In September 2022, Dynamic Restaurant Holdings, the parent company of Happy Joe's, filed for bankruptcy. As a result, all company-owned units closed their doors—with 9 Happy Joe's restaurants specifically mentioned in the bankruptcy filing. As far as what caused the bankruptcy, Dynamic pointed to lingering pandemic economic pressure combined with rising inflation costs. The company had also amassed over $5 million in secured debt at the time of the filing.
Luckily, the bankruptcy filing didn't impact any of Happy Joe's franchised locations, which make up about 90% of the brand's overall unit count. Moreover, 2023 is already shaping up to be a potentially better year for the beleaguered pizza chain. Planned locations in Egypt are coming soon, and the chain is even expanding into new markets like Florida.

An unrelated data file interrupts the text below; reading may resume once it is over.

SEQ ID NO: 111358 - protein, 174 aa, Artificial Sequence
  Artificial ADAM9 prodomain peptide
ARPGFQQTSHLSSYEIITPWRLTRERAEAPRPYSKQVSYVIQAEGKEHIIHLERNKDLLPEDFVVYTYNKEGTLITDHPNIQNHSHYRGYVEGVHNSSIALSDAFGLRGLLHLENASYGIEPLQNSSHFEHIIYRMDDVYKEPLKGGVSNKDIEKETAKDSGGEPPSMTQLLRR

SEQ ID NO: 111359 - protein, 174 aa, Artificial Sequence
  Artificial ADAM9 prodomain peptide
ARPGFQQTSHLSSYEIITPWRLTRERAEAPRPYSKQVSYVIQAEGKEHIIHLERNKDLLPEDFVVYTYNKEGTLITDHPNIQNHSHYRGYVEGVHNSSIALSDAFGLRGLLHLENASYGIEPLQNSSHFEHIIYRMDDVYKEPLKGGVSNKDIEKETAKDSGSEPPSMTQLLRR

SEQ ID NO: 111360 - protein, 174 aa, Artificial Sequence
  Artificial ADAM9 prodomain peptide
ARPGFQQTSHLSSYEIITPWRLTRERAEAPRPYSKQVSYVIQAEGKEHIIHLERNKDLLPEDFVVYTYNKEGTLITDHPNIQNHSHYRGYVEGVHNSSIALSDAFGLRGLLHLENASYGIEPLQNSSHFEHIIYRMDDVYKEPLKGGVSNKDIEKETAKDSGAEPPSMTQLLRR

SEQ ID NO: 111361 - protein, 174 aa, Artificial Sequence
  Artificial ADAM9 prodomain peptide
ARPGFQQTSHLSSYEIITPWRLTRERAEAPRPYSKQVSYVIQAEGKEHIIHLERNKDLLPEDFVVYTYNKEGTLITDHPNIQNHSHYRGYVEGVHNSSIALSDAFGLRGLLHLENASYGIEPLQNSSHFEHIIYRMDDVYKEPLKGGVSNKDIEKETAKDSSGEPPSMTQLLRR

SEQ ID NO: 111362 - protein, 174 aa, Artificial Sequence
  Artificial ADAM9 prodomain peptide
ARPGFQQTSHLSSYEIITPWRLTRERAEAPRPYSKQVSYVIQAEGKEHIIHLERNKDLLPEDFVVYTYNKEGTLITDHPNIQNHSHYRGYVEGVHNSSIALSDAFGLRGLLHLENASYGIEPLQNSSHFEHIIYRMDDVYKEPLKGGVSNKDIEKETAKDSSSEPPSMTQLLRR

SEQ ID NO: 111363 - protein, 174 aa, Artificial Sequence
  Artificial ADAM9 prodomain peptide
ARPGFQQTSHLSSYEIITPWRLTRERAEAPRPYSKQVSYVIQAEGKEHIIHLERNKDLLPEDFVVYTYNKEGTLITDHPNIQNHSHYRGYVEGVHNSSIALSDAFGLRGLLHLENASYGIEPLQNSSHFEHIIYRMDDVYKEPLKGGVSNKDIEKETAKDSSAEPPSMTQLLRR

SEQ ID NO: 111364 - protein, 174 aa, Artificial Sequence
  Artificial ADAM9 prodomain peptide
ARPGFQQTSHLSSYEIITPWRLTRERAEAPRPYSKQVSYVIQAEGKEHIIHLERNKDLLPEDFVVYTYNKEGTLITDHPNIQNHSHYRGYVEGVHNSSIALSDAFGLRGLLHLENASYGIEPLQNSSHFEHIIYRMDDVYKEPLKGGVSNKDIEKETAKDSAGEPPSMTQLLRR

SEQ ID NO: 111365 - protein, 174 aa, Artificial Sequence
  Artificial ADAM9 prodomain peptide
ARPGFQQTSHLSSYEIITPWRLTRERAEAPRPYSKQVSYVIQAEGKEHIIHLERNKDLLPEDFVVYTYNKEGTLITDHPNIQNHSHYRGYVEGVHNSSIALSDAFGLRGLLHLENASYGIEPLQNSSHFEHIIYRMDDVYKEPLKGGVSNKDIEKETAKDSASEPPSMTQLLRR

Vancouver, Washington-based Papa Murphy's Pizza has found great success with a take-and-bake business model since the first location opened in 1995. Not all that long ago Papa Murphy's had over 1,500 domestic locations, but 2022 was a particularly tough year for the pizza brand.
The chain's parent company MTY Food Group reported both weak sales and a concerningly high number of unit closures in 2022. Sales at existing restaurants dropped in the "low single digits," and 72 franchisee locations shut down entirely.
"We closed a lot of stores in 2022, unfortunately," Eric Lefebvre, MTY's CEO, recently told analysts. "The performance is not where we want to be."
While MTY is optimistic 2023 will be a better year for Papa Murphy's, the pizza brand has historically struggled to find success in markets far away from the Northwest. Papa Murphy's has closed over 100 restaurants over just the past two years.